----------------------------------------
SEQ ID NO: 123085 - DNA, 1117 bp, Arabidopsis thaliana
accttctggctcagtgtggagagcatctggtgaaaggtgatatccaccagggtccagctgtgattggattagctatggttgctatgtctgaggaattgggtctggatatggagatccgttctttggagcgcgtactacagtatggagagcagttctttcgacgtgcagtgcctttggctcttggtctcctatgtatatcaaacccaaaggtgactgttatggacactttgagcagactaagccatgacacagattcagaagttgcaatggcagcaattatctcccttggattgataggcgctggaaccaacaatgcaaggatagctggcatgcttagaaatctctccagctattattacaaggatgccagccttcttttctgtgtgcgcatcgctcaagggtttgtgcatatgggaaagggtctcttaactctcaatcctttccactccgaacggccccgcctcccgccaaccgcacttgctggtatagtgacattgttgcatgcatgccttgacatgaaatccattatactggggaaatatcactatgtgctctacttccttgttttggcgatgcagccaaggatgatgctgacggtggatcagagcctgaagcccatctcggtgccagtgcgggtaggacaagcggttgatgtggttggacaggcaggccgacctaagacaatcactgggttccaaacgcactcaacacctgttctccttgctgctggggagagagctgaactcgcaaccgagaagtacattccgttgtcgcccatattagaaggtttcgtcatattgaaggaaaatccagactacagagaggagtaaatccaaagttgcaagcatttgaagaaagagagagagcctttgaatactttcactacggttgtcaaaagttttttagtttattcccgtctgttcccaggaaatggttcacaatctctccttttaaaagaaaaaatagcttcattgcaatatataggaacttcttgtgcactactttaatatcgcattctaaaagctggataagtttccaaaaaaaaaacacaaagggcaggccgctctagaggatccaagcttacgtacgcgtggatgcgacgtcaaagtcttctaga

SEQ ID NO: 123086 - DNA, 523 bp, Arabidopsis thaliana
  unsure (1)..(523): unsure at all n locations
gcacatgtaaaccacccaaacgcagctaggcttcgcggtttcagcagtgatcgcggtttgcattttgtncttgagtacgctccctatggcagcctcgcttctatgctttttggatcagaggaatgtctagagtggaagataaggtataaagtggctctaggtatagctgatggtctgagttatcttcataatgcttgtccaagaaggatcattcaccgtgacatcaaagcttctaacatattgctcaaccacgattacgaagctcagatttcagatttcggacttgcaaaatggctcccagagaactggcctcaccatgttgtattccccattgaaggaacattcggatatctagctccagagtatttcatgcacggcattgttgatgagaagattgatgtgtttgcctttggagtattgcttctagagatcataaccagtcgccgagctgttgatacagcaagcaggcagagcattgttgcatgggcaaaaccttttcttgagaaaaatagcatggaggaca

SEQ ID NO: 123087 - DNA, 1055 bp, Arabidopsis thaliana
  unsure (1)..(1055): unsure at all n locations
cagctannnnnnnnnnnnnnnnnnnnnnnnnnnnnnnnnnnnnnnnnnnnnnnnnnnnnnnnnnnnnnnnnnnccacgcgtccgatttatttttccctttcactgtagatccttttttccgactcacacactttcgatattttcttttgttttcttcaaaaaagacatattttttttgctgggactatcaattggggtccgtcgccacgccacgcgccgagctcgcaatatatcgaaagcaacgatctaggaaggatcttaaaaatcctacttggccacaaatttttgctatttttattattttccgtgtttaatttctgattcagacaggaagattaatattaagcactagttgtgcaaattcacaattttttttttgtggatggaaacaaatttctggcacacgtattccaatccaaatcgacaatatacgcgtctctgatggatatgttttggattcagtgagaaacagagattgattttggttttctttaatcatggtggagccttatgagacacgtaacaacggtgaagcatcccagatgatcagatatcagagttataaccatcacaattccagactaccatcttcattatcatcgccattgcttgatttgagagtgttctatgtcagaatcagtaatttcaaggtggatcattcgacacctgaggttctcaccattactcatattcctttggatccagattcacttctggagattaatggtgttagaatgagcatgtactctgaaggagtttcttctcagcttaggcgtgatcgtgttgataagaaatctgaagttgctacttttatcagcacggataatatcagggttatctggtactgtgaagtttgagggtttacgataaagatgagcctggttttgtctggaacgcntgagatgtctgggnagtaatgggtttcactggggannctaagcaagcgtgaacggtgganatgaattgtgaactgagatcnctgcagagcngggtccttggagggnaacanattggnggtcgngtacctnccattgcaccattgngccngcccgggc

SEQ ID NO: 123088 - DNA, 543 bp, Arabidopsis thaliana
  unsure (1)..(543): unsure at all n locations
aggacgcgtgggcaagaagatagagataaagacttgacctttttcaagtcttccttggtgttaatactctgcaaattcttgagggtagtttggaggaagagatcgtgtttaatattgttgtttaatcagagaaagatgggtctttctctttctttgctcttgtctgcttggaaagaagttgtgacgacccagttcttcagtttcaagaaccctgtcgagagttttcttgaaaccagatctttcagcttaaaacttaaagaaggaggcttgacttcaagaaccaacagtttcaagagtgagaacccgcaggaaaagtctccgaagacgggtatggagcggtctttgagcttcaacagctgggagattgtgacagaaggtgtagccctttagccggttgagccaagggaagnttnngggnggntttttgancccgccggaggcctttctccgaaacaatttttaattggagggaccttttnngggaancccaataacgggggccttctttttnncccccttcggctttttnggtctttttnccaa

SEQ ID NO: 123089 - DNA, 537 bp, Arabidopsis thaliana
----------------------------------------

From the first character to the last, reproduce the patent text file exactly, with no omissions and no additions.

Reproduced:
SEQ ID NO: 123085 - DNA, 1117 bp, Arabidopsis thaliana
accttctggctcagtgtggagagcatctggtgaaaggtgatatccaccagggtccagctgtgattggattagctatggttgctatgtctgaggaattgggtctggatatggagatccgttctttggagcgcgtactacagtatggagagcagttctttcgacgtgcagtgcctttggctcttggtctcctatgtatatcaaacccaaaggtgactgttatggacactttgagcagactaagccatgacacagattcagaagttgcaatggcagcaattatctcccttggattgataggcgctggaaccaacaatgcaaggatagctggcatgcttagaaatctctccagctattattacaaggatgccagccttcttttctgtgtgcgcatcgctcaagggtttgtgcatatgggaaagggtctcttaactctcaatcctttccactccgaacggccccgcctcccgccaaccgcacttgctggtatagtgacattgttgcatgcatgccttgacatgaaatccattatactggggaaatatcactatgtgctctacttccttgttttggcgatgcagccaaggatgatgctgacggtggatcagagcctgaagcccatctcggtgccagtgcgggtaggacaagcggttgatgtggttggacaggcaggccgacctaagacaatcactgggttccaaacgcactcaacacctgttctccttgctgctggggagagagctgaactcgcaaccgagaagtacattccgttgtcgcccatattagaaggtttcgtcatattgaaggaaaatccagactacagagaggagtaaatccaaagttgcaagcatttgaagaaagagagagagcctttgaatactttcactacggttgtcaaaagttttttagtttattcccgtctgttcccaggaaatggttcacaatctctccttttaaaagaaaaaatagcttcattgcaatatataggaacttcttgtgcactactttaatatcgcattctaaaagctggataagtttccaaaaaaaaaacacaaagggcaggccgctctagaggatccaagcttacgtacgcgtggatgcgacgtcaaagtcttctaga

SEQ ID NO: 123086 - DNA, 523 bp, Arabidopsis thaliana
  unsure (1)..(523): unsure at all n locations
gcacatgtaaaccacccaaacgcagctaggcttcgcggtttcagcagtgatcgcggtttgcattttgtncttgagtacgctccctatggcagcctcgcttctatgctttttggatcagaggaatgtctagagtggaagataaggtataaagtggctctaggtatagctgatggtctgagttatcttcataatgcttgtccaagaaggatcattcaccgtgacatcaaagcttctaacatattgctcaaccacgattacgaagctcagatttcagatttcggacttgcaaaatggctcccagagaactggcctcaccatgttgtattccccattgaaggaacattcggatatctagctccagagtatttcatgcacggcattgttgatgagaagattgatgtgtttgcctttggagtattgcttctagagatcataaccagtcgccgagctgttgatacagcaagcaggcagagcattgttgcatgggcaaaaccttttcttgagaaaaatagcatggaggaca

SEQ ID NO: 123087 - DNA, 1055 bp, Arabidopsis thaliana
  unsure (1)..(1055): unsure at all n locations
cagctannnnnnnnnnnnnnnnnnnnnnnnnnnnnnnnnnnnnnnnnnnnnnnnnnnnnnnnnnnnnnnnnnnccacgcgtccgatttatttttccctttcactgtagatccttttttccgactcacacactttcgatattttcttttgttttcttcaaaaaagacatattttttttgctgggactatcaattggggtccgtcgccacgccacgcgccgagctcgcaatatatcgaaagcaacgatctaggaaggatcttaaaaatcctacttggccacaaatttttgctatttttattattttccgtgtttaatttctgattcagacaggaagattaatattaagcactagttgtgcaaattcacaattttttttttgtggatggaaacaaatttctggcacacgtattccaatccaaatcgacaatatacgcgtctctgatggatatgttttggattcagtgagaaacagagattgattttggttttctttaatcatggtggagccttatgagacacgtaacaacggtgaagcatcccagatgatcagatatcagagttataaccatcacaattccagactaccatcttcattatcatcgccattgcttgatttgagagtgttctatgtcagaatcagtaatttcaaggtggatcattcgacacctgaggttctcaccattactcatattcctttggatccagattcacttctggagattaatggtgttagaatgagcatgtactctgaaggagtttcttctcagcttaggcgtgatcgtgttgataagaaatctgaagttgctacttttatcagcacggataatatcagggttatctggtactgtgaagtttgagggtttacgataaagatgagcctggttttgtctggaacgcntgagatgtctgggnagtaatgggtttcactggggannctaagcaagcgtgaacggtgganatgaattgtgaactgagatcnctgcagagcngggtccttggagggnaacanattggnggtcgngtacctnccattgcaccattgngccngcccgggc

SEQ ID NO: 123088 - DNA, 543 bp, Arabidopsis thaliana
  unsure (1)..(543): unsure at all n locations
aggacgcgtgggcaagaagatagagataaagacttgacctttttcaagtcttccttggtgttaatactctgcaaattcttgagggtagtttggaggaagagatcgtgtttaatattgttgtttaatcagagaaagatgggtctttctctttctttgctcttgtctgcttggaaagaagttgtgacgacccagttcttcagtttcaagaaccctgtcgagagttttcttgaaaccagatctttcagcttaaaacttaaagaaggaggcttgacttcaagaaccaacagtttcaagagtgagaacccgcaggaaaagtctccgaagacgggtatggagcggtctttgagcttcaacagctgggagattgtgacagaaggtgtagccctttagccggttgagccaagggaagnttnngggnggntttttgancccgccggaggcctttctccgaaacaatttttaattggagggaccttttnngggaancccaataacgggggccttctttttnncccccttcggctttttnggtctttttnccaa

SEQ ID NO: 123089 - DNA, 537 bp, Arabidopsis thaliana